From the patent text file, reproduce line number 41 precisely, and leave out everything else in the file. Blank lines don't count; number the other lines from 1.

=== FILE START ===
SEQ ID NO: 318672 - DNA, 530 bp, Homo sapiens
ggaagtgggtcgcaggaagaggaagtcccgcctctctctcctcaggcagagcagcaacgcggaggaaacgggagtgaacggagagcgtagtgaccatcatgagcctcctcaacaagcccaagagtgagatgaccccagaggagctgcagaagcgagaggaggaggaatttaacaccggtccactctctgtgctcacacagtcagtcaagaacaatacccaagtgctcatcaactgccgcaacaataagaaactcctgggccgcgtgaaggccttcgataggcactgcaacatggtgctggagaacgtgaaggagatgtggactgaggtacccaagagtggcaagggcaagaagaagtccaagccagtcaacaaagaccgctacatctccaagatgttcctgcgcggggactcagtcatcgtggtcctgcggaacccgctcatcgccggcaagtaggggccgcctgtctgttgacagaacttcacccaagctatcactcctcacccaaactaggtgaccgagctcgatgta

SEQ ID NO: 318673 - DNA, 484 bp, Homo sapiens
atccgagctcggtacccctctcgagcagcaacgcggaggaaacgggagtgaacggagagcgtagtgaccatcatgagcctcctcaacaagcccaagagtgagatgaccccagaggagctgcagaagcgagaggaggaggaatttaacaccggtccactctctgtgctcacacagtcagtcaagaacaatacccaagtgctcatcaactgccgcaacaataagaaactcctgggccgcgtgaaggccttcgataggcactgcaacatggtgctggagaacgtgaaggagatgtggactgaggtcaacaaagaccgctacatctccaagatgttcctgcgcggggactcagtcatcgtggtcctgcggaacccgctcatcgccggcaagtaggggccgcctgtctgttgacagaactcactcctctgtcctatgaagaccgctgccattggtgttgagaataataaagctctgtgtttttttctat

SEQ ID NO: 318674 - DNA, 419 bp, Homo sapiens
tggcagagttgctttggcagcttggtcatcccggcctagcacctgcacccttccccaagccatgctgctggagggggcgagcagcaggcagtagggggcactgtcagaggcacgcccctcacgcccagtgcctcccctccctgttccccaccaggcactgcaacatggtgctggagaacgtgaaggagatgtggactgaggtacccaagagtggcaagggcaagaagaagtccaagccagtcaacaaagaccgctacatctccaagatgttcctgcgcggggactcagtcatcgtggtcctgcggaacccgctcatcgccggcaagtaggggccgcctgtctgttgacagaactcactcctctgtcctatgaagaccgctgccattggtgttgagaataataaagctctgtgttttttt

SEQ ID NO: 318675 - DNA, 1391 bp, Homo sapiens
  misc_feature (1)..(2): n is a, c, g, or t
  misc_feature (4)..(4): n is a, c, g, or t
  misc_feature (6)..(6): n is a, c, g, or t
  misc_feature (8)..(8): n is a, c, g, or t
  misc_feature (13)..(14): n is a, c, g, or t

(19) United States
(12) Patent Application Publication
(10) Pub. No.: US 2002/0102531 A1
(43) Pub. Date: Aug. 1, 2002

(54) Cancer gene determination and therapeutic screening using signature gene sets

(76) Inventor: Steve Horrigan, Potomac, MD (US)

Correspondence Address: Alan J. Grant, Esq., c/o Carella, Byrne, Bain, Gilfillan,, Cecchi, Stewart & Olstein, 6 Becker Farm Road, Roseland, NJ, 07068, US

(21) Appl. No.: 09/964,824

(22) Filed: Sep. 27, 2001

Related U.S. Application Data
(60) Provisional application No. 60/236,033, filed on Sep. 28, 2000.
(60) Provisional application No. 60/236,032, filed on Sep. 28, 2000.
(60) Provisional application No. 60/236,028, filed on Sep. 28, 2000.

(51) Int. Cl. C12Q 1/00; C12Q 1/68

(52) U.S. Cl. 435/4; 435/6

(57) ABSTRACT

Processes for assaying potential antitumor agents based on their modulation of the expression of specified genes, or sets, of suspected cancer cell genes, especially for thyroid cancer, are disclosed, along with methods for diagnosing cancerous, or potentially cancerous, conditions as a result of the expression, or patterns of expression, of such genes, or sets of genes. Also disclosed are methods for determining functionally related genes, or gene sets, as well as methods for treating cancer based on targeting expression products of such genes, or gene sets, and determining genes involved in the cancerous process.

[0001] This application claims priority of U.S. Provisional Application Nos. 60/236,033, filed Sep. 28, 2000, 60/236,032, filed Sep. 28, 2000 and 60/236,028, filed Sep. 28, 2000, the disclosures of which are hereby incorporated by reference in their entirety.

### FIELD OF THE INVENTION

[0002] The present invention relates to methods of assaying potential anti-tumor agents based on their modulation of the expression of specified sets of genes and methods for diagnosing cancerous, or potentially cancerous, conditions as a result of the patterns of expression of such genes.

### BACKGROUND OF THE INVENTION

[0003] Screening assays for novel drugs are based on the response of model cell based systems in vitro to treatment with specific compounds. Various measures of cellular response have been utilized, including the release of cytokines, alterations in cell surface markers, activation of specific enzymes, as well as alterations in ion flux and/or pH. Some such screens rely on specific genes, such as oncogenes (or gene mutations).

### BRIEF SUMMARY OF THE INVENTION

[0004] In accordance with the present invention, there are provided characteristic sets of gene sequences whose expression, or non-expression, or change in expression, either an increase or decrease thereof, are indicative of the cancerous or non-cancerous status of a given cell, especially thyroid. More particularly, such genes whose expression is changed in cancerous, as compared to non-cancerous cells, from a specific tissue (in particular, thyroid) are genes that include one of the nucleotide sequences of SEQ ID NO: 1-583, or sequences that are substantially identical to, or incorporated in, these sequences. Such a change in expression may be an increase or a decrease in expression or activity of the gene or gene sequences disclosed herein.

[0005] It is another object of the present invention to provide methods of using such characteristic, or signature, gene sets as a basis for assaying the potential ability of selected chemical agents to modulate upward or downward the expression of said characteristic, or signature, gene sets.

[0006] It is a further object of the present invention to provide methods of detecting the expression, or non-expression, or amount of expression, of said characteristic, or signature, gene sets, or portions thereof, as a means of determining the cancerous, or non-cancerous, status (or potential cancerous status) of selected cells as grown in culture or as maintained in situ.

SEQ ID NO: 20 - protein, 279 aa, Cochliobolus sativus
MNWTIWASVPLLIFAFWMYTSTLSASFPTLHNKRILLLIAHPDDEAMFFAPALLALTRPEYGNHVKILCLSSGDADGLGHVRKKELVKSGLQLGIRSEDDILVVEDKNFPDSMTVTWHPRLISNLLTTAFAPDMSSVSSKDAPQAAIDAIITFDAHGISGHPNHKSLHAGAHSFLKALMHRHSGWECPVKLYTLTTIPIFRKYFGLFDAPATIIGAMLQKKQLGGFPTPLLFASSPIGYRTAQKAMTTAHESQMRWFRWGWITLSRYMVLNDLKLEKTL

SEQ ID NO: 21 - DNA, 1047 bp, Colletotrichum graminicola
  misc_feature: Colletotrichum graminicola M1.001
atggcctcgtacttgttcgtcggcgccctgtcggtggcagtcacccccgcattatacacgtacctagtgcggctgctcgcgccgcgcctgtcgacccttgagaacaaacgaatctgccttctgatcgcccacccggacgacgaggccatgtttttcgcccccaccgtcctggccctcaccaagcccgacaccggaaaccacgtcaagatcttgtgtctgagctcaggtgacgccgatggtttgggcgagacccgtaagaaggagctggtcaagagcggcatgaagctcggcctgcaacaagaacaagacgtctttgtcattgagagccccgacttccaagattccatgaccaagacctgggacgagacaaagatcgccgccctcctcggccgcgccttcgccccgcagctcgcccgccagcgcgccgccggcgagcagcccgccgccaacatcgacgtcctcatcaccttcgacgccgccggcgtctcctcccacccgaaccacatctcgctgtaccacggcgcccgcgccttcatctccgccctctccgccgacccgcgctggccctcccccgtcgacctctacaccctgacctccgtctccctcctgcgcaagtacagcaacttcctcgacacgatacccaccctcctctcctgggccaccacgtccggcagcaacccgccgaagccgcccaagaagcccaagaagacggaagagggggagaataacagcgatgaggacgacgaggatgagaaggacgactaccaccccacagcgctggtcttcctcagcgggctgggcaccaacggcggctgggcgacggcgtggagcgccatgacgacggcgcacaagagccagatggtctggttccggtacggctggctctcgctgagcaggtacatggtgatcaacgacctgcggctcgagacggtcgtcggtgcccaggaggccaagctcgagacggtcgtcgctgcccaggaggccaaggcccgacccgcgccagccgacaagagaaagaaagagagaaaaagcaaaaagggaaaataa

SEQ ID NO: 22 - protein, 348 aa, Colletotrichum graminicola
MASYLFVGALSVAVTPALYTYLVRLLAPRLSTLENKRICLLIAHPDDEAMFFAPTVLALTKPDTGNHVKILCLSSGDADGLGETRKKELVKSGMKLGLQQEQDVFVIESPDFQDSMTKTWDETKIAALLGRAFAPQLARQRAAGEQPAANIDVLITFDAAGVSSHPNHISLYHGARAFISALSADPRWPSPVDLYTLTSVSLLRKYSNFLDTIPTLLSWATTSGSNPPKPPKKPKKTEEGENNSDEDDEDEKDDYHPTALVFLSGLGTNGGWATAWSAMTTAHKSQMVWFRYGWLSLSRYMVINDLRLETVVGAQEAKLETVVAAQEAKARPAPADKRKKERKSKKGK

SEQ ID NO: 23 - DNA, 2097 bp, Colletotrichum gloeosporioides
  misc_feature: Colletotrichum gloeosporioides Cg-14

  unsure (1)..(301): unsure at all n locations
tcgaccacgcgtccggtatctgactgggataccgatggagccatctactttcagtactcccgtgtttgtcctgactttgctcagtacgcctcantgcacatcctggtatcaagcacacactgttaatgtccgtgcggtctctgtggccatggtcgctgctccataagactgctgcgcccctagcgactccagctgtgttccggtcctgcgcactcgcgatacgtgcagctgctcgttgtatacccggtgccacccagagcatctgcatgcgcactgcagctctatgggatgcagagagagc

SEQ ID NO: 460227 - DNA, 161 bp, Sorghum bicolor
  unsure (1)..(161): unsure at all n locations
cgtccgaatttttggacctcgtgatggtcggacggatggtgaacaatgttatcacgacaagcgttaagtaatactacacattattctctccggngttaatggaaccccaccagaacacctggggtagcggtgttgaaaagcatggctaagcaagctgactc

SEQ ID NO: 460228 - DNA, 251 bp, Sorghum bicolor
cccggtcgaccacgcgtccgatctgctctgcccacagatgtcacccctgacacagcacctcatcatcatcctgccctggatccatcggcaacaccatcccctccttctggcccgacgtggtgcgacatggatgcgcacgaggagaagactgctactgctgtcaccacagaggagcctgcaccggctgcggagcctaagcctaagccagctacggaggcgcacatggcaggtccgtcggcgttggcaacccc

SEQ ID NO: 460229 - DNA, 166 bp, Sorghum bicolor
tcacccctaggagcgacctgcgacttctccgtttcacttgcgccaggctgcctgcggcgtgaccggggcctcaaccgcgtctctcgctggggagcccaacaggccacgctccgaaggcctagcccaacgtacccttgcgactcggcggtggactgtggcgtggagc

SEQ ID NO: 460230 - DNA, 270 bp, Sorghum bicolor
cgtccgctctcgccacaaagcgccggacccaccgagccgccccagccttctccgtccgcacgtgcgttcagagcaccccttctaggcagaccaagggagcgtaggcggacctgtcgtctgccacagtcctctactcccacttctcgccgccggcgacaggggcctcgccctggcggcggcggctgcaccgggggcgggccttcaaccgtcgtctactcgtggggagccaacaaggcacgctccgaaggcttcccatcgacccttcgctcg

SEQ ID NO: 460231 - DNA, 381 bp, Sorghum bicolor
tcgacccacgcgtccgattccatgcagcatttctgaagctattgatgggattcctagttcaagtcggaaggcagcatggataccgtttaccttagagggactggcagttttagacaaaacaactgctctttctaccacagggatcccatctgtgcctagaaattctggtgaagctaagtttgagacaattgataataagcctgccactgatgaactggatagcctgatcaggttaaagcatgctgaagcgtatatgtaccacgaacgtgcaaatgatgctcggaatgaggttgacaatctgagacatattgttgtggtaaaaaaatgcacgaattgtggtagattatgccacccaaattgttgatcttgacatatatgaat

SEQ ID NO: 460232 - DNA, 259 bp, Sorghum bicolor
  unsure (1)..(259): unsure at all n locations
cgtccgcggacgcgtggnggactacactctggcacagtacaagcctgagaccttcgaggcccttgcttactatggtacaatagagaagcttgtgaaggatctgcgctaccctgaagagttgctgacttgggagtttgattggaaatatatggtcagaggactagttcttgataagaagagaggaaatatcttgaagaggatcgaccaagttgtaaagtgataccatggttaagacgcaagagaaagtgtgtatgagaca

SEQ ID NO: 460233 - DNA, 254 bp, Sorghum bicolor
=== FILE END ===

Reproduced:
SEQ ID NO: 21 - DNA, 1047 bp, Colletotrichum graminicola